Battle Teen Obesity with Healthy Family Meals

The nation’s teens face a weighty issue: almost one in five are obese. A new study in the American Heart Journal suggests that it is not genes, but unhealthy habits, that contribute most to adolescents’ extra pounds.

Another new study, this one in Health Education & Behavior, offers an antidote. What happens at home has a strong influence in teens’ health habits.

Good food basics

During the turbulent teen years, the family dinner table serves as a source of comfort and stability. “Parents can make a difference in their child’s health, one meal at a time,” says Sumana Narasimhan, MD, pediatric endocrinologist and Director of the Healthy Kids, Healthy Weight program at University Hospitals Rainbow Babies & Children’s Hospital. “Putting healthy foods on the menu for family meals can help adolescents form positive habits that last the rest of their lives.”

Aim to sit down together at least four nights per week. Make sure your meals include the basics for a healthy diet, such as:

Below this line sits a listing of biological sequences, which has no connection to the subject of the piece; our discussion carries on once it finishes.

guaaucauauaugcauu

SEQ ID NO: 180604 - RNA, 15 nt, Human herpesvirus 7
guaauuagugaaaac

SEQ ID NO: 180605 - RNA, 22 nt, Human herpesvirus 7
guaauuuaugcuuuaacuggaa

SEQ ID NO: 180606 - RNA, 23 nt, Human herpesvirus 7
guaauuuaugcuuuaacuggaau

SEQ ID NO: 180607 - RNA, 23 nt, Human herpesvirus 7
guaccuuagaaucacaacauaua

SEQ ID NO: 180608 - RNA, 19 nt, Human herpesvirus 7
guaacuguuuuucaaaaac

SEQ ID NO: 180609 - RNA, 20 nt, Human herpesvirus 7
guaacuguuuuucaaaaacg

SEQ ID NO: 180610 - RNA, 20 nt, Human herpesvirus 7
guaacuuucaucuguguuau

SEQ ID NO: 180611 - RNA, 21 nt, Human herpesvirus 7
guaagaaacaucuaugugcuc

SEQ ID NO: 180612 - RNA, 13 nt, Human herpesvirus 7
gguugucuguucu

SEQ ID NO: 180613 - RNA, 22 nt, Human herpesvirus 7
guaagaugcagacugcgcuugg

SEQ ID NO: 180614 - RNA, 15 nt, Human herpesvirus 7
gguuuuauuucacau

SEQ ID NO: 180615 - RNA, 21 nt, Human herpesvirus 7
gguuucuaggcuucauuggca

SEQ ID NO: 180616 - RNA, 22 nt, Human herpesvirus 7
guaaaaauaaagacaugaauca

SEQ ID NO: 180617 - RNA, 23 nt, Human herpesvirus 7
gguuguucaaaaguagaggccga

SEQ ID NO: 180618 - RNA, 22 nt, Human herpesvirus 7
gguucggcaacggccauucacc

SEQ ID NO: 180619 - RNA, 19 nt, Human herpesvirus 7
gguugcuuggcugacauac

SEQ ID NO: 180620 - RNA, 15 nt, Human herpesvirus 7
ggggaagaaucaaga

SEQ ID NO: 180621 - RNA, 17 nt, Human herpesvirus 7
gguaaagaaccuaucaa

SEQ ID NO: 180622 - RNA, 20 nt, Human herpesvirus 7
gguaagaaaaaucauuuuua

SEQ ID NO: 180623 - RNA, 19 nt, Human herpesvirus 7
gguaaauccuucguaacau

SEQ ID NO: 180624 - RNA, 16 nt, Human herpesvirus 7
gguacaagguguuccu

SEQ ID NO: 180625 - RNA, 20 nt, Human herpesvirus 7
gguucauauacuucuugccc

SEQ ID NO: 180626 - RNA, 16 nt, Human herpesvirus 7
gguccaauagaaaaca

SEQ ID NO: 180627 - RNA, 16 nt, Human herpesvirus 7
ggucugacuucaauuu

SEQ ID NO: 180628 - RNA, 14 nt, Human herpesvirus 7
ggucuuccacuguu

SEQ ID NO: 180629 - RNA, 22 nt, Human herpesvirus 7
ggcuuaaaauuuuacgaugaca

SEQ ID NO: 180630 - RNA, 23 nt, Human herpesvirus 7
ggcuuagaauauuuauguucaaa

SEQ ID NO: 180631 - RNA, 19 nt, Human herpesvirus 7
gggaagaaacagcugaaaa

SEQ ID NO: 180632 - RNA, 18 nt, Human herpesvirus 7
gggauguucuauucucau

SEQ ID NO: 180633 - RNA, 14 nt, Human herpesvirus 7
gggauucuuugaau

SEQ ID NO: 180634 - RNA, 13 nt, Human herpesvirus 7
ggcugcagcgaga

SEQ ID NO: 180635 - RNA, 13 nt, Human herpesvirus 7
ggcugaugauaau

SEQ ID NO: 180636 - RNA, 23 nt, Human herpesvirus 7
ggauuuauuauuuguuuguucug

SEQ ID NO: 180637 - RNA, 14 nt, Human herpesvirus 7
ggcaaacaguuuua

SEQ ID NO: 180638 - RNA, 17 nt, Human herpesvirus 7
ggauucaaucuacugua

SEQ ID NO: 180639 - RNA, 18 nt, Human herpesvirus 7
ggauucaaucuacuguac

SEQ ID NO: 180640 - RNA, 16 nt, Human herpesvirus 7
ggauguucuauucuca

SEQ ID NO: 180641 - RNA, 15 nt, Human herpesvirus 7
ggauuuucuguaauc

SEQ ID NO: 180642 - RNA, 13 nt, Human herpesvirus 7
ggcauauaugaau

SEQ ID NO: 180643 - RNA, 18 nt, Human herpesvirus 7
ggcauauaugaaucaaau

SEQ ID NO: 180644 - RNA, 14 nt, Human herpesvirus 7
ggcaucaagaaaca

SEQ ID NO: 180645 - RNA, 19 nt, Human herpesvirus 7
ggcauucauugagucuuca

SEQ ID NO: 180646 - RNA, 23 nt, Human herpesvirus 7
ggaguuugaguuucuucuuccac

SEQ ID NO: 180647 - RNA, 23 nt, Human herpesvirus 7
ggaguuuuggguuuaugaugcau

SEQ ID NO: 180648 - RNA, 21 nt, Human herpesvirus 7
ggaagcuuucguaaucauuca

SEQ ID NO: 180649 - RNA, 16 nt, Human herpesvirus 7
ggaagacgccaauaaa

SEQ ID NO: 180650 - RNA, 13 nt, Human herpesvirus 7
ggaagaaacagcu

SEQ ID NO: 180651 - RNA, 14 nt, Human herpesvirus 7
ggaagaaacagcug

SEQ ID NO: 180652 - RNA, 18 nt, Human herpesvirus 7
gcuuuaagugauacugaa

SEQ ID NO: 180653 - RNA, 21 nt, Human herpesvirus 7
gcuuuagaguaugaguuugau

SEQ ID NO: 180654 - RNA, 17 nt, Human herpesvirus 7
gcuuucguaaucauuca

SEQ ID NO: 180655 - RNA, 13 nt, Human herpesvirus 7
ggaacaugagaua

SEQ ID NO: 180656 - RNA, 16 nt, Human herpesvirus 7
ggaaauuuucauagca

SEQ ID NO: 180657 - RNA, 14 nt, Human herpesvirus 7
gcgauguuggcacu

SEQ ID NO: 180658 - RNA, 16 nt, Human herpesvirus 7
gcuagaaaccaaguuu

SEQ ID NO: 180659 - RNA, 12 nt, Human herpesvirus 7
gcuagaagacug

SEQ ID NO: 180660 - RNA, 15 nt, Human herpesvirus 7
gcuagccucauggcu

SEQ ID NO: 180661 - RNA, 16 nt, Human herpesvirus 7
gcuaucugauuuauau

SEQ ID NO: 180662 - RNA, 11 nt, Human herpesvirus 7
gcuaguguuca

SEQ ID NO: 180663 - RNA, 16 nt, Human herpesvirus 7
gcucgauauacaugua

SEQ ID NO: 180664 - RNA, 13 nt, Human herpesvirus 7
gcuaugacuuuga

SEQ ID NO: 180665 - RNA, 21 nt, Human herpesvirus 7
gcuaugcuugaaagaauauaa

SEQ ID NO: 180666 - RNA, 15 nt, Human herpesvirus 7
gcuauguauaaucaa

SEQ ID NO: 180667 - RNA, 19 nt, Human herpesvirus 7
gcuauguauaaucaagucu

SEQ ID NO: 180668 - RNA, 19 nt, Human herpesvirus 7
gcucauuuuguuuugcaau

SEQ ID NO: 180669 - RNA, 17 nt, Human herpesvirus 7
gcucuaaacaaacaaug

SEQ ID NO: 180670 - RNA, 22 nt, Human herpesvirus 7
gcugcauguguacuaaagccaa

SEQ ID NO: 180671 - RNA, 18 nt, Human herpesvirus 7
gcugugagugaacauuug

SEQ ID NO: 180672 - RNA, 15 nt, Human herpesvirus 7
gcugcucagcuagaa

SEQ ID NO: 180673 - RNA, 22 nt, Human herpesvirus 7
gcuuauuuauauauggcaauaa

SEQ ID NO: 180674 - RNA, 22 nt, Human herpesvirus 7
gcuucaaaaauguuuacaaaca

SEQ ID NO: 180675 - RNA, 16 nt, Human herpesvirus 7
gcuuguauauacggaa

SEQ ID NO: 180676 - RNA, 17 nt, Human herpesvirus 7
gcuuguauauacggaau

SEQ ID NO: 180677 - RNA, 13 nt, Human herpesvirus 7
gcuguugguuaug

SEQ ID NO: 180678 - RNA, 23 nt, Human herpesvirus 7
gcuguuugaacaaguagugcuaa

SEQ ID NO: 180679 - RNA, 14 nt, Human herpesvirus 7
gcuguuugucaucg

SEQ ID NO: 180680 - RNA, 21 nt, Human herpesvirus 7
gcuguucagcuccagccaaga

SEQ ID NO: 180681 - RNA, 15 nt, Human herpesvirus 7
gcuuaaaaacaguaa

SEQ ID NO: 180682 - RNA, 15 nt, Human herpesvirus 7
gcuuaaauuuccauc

• Lots of fruits and vegetables
  • Whole grains instead of white or refined breads and pastas
  • Fat-free or low-fat dairy products
  • Lean meats, fish, beans, eggs and nuts
  • Limited saturated fats, trans fats, sodium and sugar

Putting it together

So, how do you transform these ingredients into healthy, tasty meals for your whole clan? A little advance planning and some helping hands do the trick.

  • One day each week, sit down and plan seven days of healthy breakfasts, lunches and dinners. Make a shopping list based on your meal plan. Hit the store when it is less crowded and you are not tired or hungry; it will be easier to buy only what you need.
  • Make small changes to reduce fat and boost nutrients. “For example, use part-skim instead of whole-milk mozzarella in your lasagna,” says Dr. Narasimhan. “Or swap a chocolate cake for angel food cake with strawberries.”
  • Ask your teens to peel and slice veggies, flip pancakes or form meatballs. “Getting your kids involved in meal preparation can help motivate them to try healthy new foods,” Dr. Narasimhan says.
  • Stock your pantry with healthy basics. Staples like brown rice, frozen vegetables and canned beans form the foundation of healthy suppers.

narasimhan-sumana Sumana Narasimhan, MD
Pediatric Endocrinologist
UH Rainbow Babies & Children's Hospital

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